The death of a tyrant

This week — to be exact, on the Herald’s publication date of April 30 — is the 75th anniversary of the death of the man who, more than any other, was responsible for the deaths of tens of millions, military and civilian, on battlefields and elsewhere across the western world. 

Fifty feet below the Chancellery buildings in Berlin, at 3:30 p.m. on April 30, 1945, Adolf Hitler put a pistol to his right temple and pulled the trigger.

Soviet army troops had reached Berlin and were less than a block away.

How do we know the intimate details of Hitler’s last hours? Because Nazi propaganda minister Joseph Goebbels, Hitler’s private secretary Martin Bormann, and a few other secretaries, SS and military aides had also been ordered to the 30-room, two-floor subterranean Fuhrerbunker with Hitler earlier in April. They took detailed notes of the final days of the Fuhrer and the Third Reich.

Their notes describe a frantic, unhinged Hitler, enraged at Nazis who had deserted him, including the German army and the “universal treason, corruption, lies and failures” of former supporters. In the next few days, the fall from power of the Reich’s top leaders was precipitous.

One victim was Hermann Goering, Germany’s top military leader.

Goering had escaped southward from Berlin to the Bavarian mountains, from where on April 23 he wrote a note to Hitler suggesting that the Fuhrer appoint him to lead Germany, since Hitler was surrounded. Two days later, on Hitler’s order, the SS arrested him and locked him up. 

Goebbels had brought his entire family, including six young children, to live with Hitler in the bunker.

On May 1, the day after Hitler’s suicide, Goebbels and his wife poisoned all six of their children in the bunker, then went up to the Chancellery garden, where they were shot in the back of their heads on their order by an SS man.

Heinrich Himmler, the Reich’s second in command and leader of the vicious SS paramilitary organization, had offered to surrender the German army to Eisenhower. When Hitler, in the bunker, learned on April 28 what his faithful right-hand man had done, he went berserk and ordered him arrested along with Goering.

Since Himmler was not in the Fuhrerbunker himself, Hitler took revenge on him by proxy. Himmler’s personal representative in the bunker was SS Lt. Gen. Hermann Fegelein, who was married to the sister of Hitler’s longtime companion and soon-to-be wife, Eva Braun.

Hitler ordered him taken up to the garden and shot.

Then just before midnight on April 28, the Fuhrer married Eva Braun in a brief civil ceremony. 

The next day, word came of the death of deposed Italian dictator Benito Mussolini, “Il Duce.” Disguised as a woman in an unsuccessful attempt to escape over the Alps to Switzerland, he was discovered by Italian partisans in Milan. They executed him, hanged him upside down and threw him into the gutter.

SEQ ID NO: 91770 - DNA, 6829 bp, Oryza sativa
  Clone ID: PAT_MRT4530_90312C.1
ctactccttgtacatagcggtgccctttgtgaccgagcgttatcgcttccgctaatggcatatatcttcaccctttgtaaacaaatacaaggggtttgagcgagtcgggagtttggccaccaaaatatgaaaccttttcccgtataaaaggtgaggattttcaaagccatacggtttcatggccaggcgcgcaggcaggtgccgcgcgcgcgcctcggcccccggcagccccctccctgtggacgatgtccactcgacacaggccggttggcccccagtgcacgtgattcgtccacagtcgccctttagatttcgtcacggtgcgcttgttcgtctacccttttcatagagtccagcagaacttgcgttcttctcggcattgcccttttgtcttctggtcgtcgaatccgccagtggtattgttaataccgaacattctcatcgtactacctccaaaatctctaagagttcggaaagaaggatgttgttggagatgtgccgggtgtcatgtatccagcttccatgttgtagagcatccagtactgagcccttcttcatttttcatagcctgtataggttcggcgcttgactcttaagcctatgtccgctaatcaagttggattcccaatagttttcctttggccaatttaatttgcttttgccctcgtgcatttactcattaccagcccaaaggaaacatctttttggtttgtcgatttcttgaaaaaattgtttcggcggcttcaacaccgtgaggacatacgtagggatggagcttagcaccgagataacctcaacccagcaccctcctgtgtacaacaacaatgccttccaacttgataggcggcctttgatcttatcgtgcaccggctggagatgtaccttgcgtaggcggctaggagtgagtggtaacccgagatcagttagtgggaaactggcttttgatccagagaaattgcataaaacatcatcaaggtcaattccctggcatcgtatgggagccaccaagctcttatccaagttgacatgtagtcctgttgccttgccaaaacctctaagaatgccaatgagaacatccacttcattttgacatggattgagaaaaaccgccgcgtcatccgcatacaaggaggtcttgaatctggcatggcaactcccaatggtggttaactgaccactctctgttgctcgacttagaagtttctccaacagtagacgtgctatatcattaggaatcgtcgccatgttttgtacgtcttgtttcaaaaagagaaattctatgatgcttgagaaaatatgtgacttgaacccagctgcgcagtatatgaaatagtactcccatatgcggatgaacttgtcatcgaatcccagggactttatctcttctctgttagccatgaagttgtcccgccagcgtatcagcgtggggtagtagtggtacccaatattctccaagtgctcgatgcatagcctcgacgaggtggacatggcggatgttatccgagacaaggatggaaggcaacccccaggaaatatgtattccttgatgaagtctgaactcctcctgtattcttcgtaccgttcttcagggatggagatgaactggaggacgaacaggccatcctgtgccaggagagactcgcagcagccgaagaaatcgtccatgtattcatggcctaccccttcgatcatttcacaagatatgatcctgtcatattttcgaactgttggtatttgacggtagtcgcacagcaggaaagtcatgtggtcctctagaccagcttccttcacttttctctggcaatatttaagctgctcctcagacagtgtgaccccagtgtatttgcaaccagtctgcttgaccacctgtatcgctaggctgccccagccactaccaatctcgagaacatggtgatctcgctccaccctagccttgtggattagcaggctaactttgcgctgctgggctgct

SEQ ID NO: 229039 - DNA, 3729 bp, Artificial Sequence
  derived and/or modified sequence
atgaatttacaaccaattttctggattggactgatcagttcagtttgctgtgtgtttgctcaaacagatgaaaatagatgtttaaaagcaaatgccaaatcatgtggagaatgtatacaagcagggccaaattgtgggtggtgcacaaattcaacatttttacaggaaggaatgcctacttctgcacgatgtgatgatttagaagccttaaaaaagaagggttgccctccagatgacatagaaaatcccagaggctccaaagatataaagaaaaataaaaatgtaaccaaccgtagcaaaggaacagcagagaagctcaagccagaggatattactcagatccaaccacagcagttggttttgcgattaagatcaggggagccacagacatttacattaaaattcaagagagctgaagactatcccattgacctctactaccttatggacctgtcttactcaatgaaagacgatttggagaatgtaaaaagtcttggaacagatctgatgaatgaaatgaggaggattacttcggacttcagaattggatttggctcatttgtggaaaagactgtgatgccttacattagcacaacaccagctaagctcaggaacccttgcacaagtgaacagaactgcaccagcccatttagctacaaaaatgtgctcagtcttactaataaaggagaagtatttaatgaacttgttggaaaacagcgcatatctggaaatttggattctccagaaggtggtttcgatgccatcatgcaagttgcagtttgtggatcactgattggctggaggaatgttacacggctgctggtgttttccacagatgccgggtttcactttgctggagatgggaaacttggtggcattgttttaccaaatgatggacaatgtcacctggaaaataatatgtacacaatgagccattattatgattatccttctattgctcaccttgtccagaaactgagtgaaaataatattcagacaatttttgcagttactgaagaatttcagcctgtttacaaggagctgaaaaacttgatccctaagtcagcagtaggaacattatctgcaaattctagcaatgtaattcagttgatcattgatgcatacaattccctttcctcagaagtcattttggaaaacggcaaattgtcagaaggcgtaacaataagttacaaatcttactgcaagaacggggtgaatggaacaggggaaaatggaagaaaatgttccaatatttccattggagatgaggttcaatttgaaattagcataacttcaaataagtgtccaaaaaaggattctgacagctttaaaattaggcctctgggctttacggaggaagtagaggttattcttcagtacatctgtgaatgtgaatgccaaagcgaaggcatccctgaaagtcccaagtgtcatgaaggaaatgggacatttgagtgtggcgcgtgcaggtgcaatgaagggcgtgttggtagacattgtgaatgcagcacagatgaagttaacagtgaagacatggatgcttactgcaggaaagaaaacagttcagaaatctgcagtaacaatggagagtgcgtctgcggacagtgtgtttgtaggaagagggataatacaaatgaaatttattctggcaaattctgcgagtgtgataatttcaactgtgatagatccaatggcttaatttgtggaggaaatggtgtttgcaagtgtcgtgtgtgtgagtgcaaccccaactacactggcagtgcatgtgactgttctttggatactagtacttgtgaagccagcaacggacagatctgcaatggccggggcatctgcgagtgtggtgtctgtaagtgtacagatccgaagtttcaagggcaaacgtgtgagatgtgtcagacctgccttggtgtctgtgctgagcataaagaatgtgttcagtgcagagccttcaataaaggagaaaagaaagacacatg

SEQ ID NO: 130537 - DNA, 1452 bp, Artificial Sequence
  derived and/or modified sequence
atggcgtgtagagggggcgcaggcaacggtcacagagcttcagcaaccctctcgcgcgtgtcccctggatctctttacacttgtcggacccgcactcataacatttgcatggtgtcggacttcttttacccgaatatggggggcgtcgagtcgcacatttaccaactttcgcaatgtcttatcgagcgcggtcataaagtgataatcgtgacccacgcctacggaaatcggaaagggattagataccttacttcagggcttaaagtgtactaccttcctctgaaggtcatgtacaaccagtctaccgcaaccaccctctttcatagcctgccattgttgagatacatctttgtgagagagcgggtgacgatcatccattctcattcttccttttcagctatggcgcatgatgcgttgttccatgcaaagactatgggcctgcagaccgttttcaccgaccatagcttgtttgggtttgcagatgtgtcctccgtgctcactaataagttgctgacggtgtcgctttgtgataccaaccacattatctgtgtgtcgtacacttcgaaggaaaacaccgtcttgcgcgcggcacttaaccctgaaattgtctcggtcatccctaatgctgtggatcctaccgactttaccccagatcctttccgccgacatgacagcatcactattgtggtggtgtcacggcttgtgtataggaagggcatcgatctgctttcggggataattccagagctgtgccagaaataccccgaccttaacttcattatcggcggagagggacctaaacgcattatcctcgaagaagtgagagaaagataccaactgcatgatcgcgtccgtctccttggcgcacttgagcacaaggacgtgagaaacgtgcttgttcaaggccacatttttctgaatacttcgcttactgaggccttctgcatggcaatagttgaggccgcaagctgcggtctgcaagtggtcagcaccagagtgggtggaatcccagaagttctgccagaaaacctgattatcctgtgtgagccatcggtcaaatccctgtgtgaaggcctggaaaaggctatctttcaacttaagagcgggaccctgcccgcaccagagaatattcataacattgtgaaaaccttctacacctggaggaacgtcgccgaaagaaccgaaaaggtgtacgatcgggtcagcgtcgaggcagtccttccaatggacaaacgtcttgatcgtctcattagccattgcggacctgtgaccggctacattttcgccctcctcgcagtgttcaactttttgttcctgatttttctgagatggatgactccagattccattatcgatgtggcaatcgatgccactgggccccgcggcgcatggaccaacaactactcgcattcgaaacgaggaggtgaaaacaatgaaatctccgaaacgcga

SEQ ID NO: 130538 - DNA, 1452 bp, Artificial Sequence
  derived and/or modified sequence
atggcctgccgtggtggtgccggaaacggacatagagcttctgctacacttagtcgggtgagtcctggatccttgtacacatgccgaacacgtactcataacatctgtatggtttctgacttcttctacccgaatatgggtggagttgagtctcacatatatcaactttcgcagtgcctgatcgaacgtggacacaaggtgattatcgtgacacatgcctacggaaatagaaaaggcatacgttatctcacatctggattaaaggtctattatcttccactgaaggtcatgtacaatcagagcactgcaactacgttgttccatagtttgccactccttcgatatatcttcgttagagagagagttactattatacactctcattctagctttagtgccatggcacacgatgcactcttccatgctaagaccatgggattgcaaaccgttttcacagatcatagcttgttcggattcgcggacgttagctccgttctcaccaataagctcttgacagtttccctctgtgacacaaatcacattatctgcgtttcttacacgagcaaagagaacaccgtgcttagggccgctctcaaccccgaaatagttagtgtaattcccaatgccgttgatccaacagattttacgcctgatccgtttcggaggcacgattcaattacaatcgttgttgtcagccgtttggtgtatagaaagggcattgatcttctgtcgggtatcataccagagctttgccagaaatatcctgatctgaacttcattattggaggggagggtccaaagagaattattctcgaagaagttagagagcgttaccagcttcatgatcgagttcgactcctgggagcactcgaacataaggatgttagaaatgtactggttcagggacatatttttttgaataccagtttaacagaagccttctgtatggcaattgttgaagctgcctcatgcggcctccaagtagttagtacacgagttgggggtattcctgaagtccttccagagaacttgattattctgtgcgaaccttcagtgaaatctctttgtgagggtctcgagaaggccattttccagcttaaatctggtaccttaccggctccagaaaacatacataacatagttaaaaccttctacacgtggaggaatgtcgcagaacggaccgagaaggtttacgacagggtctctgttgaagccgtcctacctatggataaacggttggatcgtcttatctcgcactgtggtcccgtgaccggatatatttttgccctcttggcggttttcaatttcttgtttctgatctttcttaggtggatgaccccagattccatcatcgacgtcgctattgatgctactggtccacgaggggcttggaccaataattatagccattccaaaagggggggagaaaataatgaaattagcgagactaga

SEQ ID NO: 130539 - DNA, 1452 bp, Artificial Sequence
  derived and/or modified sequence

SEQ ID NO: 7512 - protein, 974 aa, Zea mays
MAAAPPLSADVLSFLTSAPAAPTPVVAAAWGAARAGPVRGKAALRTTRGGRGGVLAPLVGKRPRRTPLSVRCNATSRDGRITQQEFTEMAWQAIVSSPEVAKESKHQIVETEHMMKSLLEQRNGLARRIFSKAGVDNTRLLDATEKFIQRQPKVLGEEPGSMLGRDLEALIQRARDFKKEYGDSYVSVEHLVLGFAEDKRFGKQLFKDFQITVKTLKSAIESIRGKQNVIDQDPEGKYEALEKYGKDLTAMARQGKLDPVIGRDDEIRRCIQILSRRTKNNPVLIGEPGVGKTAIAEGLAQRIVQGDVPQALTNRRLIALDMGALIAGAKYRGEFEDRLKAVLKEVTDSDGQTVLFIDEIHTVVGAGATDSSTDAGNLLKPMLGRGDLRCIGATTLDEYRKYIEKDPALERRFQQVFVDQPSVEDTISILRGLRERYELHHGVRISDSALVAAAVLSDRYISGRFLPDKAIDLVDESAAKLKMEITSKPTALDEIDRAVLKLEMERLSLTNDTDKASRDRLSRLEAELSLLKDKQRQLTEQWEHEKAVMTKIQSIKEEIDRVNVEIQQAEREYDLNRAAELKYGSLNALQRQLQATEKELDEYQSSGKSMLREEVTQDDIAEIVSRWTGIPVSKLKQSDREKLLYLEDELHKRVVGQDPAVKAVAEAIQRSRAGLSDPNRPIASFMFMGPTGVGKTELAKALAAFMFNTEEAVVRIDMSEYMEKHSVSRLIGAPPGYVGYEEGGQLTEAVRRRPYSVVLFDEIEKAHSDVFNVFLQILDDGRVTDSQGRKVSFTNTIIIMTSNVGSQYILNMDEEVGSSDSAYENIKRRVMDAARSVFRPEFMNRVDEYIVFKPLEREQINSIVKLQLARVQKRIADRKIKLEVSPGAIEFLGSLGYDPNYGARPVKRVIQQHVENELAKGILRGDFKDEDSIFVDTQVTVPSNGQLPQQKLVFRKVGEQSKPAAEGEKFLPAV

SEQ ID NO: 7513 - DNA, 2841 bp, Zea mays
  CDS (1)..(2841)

That afternoon, Hitler prepared for his own death.

He tested his poison on his favorite dog, Blondi. He handed out poison capsules to his female secretaries for them to use as an alternative to capture by the Red Army, apologizing for not having better parting gifts for them.

About 2:30 a.m. on April 30, he joined his staff members for a farewell group meal, shook their hands in silence, then retired back to his private quarters. At noon, he held his last military conference and sat down for his last meal at 2 p.m., a vegetarian lunch. He ordered his chauffeur to deliver 200 liters of gasoline up to the garden.

He and his wife Eva then bid final farewell to the small group, and went back to their private cloister. A few minutes later the group heard a gunshot. After waiting a few moments, Bormann and Goebbels entered the chambers and found Hitler slumped on a couch, dead from the gunshot. He was 56 years old. Eva had died from swallowing poison.

Their bodies were carried up to the garden, doused with gasoline and burned, with Goebbels and Bormann standing by and giving a final Nazi salute. 

Over the next three hours, the bodies were repeatedly doused with gasoline and burned to charred remains. The ashes were swept into a canvas, placed into a shell crater and buried.

Two days earlier, Hitler had dictated his last will and a political testament. The testament repeated the same hatred for Jews he had expressed in “Mein Kampf” two decades earlier, blaming them for everything, including the Second World War. 

That hatred had expressed itself in the death of six million European Jews.

The testament’s final sentence summed it up:

“Above all I charge the leaders of the nation and those under them to scrupulous observance of the laws of race and to merciless opposition to the universal poisoner of all people, International Jewry.”

A week later, Nazi Germany unconditionally surrendered to the Allied Forces, and the victors celebrated V-E Day.

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